2012-12-05 / Star Journal

Forging Ahead At The Close Of The 19th Century

The Greater Astoria Historical Society presents pages from the Long Island Star Journal.

Welcome to December 1898!

In 1898, the boy grew into a formidable man. With the sun setting on once mighty Spain, America gorged on the remnants of a crumbling colonial empire gained in a relatively swift, decisive war fought on a global scale. The young nation planted its flag in such far flung places as the Philippines, Guam, Puerto Rico and Guantanamo Bay, Cuba. In the same year, the United States emerged as a new global power, the City of New York joined with Brooklyn and the mostly rural communities of Staten Island and Queens to form the beginnings of the sprawling metropolis that we know today. And as the crisp autumn breezes of 1898 gave way to the biting winter chill of December, New Yorkers found themselves still digging out from a fearsome, post- Thanksgiving blizzard.

Twelve inches of snow fell on the beleaguered city, downing telegraph lines, paralyzing transportation and drawing comparisons to the mighty snowstorm of 1888. Queens was especially hard hit, with many communities completely isolated for days. With street trolleys stranded in the driving snow, members of the Riker family and others out at North Beach took in chilled conductors and passengers, kindly offering coffee and sandwiches.

The good people of Queens, however, would never let a little snow dampen the coming holiday excitement. Timeless traditions of family and gift giving wouldn’t have been the same without a sumptuous feast. Some undoubtedly stocked up at Mitchell’s Market on Vernon Boulevard, which offered an assortment of turkeys, geese, chickens, Long Island ducks, grouse, quail and rabbits for all tastes and budgets. Steiner Liquors was one of many outlets in the borough offering a wide selection of fine wines and spirits to accompany the feast and provide some warm holiday cheer. For the little tykes, Charles Zimpfer on Borden Avenue offered the “Greatest Display of holiday Goods in the City”, including “the largest stock of toys, candies and all other good things of Christmas tide”. Local churches greeted the festive season in song and celebration. Santa Claus was on hand for youngsters at Trinity Methodist Episcopal Church, and the Reformed congregation on Remsen Street could barely contain joyous strains of “Shout the Glad Tidings” and “There Were Shepherds”. Not to be outdone, the 700 Sunday School students at the Church of the Redeemer were in for a special Christmas treat: 2,500 presents and 350 pounds of holiday candy.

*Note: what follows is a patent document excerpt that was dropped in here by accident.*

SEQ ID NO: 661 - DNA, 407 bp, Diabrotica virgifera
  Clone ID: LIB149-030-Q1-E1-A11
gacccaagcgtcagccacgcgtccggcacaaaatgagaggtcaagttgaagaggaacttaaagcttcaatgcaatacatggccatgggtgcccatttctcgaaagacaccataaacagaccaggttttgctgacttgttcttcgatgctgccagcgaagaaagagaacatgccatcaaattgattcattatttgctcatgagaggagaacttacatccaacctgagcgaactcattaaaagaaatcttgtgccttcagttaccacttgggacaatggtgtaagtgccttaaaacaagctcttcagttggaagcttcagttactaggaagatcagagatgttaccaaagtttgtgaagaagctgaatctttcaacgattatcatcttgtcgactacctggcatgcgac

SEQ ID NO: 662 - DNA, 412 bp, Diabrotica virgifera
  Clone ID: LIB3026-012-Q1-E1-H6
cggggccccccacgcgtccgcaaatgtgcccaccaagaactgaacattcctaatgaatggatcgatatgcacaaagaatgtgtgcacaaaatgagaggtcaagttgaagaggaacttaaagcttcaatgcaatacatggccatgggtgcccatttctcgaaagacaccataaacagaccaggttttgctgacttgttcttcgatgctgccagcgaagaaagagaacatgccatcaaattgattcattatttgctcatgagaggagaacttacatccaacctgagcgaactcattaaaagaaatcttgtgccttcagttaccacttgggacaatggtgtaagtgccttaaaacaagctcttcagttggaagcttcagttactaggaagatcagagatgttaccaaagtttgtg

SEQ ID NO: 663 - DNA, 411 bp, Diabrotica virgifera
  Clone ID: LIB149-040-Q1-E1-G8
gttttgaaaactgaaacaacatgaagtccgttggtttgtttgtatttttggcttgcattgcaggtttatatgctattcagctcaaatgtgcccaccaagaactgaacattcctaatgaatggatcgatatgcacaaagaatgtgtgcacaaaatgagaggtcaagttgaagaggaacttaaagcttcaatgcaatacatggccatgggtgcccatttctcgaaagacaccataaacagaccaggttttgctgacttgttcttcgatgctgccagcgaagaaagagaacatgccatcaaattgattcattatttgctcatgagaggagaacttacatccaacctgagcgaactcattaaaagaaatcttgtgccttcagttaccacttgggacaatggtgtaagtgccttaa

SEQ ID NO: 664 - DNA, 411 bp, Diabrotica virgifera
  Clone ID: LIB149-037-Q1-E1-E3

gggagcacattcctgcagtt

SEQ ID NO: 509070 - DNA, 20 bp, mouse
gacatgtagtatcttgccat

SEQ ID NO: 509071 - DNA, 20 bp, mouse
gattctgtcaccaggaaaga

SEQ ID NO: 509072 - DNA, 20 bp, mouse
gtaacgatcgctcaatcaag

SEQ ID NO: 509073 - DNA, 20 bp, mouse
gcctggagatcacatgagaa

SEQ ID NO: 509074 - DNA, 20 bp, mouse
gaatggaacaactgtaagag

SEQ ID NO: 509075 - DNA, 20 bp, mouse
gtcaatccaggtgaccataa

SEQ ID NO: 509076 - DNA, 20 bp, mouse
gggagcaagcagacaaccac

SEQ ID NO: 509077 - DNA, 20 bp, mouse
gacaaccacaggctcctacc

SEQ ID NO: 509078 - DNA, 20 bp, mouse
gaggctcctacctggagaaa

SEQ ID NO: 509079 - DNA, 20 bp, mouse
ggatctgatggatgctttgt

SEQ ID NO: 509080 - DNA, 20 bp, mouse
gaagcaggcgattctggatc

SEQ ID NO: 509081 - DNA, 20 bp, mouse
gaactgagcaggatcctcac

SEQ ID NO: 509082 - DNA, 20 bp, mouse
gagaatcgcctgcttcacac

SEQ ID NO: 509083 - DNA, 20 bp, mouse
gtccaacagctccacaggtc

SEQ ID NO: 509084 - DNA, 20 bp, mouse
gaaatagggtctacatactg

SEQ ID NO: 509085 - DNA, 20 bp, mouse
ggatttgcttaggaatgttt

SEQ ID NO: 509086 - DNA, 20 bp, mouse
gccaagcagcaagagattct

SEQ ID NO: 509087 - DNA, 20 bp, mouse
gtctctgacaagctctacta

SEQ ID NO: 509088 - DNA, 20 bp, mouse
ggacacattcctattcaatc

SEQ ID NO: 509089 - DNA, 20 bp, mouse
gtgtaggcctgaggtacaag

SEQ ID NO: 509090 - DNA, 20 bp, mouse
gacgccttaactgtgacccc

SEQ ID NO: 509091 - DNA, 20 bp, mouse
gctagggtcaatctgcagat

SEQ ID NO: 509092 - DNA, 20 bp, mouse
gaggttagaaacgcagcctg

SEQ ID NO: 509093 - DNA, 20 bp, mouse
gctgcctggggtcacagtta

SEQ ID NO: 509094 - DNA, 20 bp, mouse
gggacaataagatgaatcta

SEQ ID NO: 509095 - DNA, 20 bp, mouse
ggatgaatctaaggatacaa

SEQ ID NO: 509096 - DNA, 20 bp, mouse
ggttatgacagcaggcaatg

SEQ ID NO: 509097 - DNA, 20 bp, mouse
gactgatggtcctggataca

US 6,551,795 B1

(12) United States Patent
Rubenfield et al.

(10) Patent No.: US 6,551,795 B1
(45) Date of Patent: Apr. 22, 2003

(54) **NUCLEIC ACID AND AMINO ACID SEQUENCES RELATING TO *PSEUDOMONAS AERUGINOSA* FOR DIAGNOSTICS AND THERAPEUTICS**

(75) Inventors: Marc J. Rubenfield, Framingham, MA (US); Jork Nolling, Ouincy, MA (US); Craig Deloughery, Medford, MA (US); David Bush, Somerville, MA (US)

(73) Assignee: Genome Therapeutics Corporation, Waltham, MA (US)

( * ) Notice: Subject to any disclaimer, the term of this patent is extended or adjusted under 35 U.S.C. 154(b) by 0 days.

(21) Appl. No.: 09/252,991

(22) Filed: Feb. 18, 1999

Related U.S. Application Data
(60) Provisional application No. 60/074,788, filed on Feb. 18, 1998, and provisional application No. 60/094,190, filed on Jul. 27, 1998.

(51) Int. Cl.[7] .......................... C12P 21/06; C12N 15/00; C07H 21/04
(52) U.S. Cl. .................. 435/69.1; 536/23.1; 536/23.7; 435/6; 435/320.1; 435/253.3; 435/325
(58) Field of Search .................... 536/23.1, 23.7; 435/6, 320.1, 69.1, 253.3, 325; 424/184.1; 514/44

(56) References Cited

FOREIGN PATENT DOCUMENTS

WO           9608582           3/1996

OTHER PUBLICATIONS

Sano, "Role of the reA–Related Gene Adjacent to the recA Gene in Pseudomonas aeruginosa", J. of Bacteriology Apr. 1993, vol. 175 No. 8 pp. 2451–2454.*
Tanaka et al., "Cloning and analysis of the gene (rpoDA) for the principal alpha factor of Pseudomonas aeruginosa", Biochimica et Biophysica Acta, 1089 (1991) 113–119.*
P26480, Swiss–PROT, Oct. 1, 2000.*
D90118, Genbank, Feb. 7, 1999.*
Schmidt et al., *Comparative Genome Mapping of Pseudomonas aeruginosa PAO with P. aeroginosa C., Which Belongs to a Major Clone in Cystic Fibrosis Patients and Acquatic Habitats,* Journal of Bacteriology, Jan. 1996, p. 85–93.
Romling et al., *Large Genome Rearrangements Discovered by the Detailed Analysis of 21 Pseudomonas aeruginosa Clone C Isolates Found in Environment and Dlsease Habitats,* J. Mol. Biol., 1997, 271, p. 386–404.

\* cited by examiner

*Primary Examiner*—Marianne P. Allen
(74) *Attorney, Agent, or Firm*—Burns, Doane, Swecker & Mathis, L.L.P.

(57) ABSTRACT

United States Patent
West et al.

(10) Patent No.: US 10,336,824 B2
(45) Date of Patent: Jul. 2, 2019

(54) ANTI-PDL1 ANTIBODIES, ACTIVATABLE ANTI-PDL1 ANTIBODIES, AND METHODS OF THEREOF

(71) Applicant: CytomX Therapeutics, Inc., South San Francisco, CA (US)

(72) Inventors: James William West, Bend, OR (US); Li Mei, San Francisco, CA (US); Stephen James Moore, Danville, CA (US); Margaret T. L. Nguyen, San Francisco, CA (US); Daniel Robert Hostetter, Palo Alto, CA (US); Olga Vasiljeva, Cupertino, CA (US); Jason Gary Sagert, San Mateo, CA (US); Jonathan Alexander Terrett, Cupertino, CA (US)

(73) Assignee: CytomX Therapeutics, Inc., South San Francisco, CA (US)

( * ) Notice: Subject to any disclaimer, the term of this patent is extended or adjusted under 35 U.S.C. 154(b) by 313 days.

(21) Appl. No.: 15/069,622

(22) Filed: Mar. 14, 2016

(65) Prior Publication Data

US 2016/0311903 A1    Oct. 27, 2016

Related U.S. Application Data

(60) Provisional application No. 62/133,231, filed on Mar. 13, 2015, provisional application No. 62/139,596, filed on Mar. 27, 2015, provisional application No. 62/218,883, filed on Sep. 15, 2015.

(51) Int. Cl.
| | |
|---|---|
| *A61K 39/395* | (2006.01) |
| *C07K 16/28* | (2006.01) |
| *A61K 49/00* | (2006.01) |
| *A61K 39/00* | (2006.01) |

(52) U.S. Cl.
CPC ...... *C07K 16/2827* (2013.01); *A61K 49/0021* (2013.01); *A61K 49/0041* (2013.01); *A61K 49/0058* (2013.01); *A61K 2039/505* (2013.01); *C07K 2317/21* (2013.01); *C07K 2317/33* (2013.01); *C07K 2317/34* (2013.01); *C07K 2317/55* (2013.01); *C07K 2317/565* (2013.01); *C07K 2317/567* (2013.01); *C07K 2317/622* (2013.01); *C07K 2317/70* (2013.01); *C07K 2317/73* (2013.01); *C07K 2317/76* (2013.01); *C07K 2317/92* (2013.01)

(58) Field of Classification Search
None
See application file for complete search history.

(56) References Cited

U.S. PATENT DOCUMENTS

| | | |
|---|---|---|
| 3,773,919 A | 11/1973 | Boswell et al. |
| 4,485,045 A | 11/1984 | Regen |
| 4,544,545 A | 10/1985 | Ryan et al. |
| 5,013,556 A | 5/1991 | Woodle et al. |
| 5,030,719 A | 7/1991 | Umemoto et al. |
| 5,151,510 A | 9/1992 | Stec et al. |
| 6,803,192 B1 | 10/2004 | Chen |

The season’s eatings and the intemperate December chill simply proved too much for some locals. Many turned to patent medicines advertised in the Long Island Weekly Star to rid themselves of a range of ailments from chest colds to gout and sunburn. One such nostrum was Sunray Liniment, “The Wonder of the Age” and a “guaranteed cure for sunburn, bruises, sore throats, chest colds, lumbago, gout and skin diseases”. Others afflicted with indigestion, dyspepsia or catarrh of the stomach may have turned to Dr. Williams Pink Pills for Pale People, “The Great Blood Builder”. Hood’s Sarsaparilla, another popular turn of the century remedy, trumpeted its miracle cure with this ad:

GOOD BLOOD
Is essential to health.
Every nook and corner
Of the system is
Reached by the blood, and on
Its quality and condition
The condition of
Every organ depends.
The surest way to
Have good blood
Is to take
HOOD’S SARSAPARILLA
Which by its power as a
Blood purifier
Cures Scrofula, Dyspepsia,
Rheumatism, Catarrh,
That Tired Feeling,
Loss of Appetite, etc.

In the grip of this snowy, wintry chill, Queens retreated indoors, with the hotels and casinos providing gay 90s amusement, refreshment and a social outlet. Locals enjoyed the bowling alleys at Strack’s Casino, and others frequented Strobel’s Exchange Hall with its billiard parlors and the “Finest Ales, Wines, Liquors and Cigars”. Wm. Klobutscheck’s Hunters Point Hotel was another favorite, offering “toothsome cold lunches” and parlors and meeting rooms for discreet conversations. Those of a more intellectual bent may have attended Professor J.A. Stiver’s cinematograph lecture on “Our American Navy” at Reverend Steinfuhrer’s Reformed Church. The cinematograph, a new invention, was a motion picture film camera and projector that made its American debut in 1896 at Keith’s Union Square Theater.

As 1898 drew to a close, the relentless pace of progress was fast rendering Queens unrecognizable to those who recalled its picturesque, rural past. Development would soon sweep aside many of the gracious churches, hotels, farms and country homes familiar to many. With the Commissioner of Bridges receiving $50,000 to conduct surveys for the long anticipated bridge to connect the borough with the bustling island of Manhattan, developers were quick to snap up Long Island City land. The Casina Farm was purchased by a syndicate of men associated with The New York Gas, Electric Light, Heat and Power Company, forerunner to today’s Con Edison, to make way for a giant power plant. Commenting on their Queens land acquisitions, one developer proclaimed “the section will become one of the greatest manufacturing centers in the United States”.

The location is now the former Charles Poletti Power Plant.

That’s the way it was in December 1898!

We are open to the public, Saturdays, noon until five at “Quinn’s Gallery,” 4th Floor, 35-20 Broadway, Long Island City. Additional hours Monday and Wednesday two to five! Visit our gift shop on line. For further information, call the Greater Astoria Historical Society at 718-278- 0700 or visit our Web site at www.astorialic.org.

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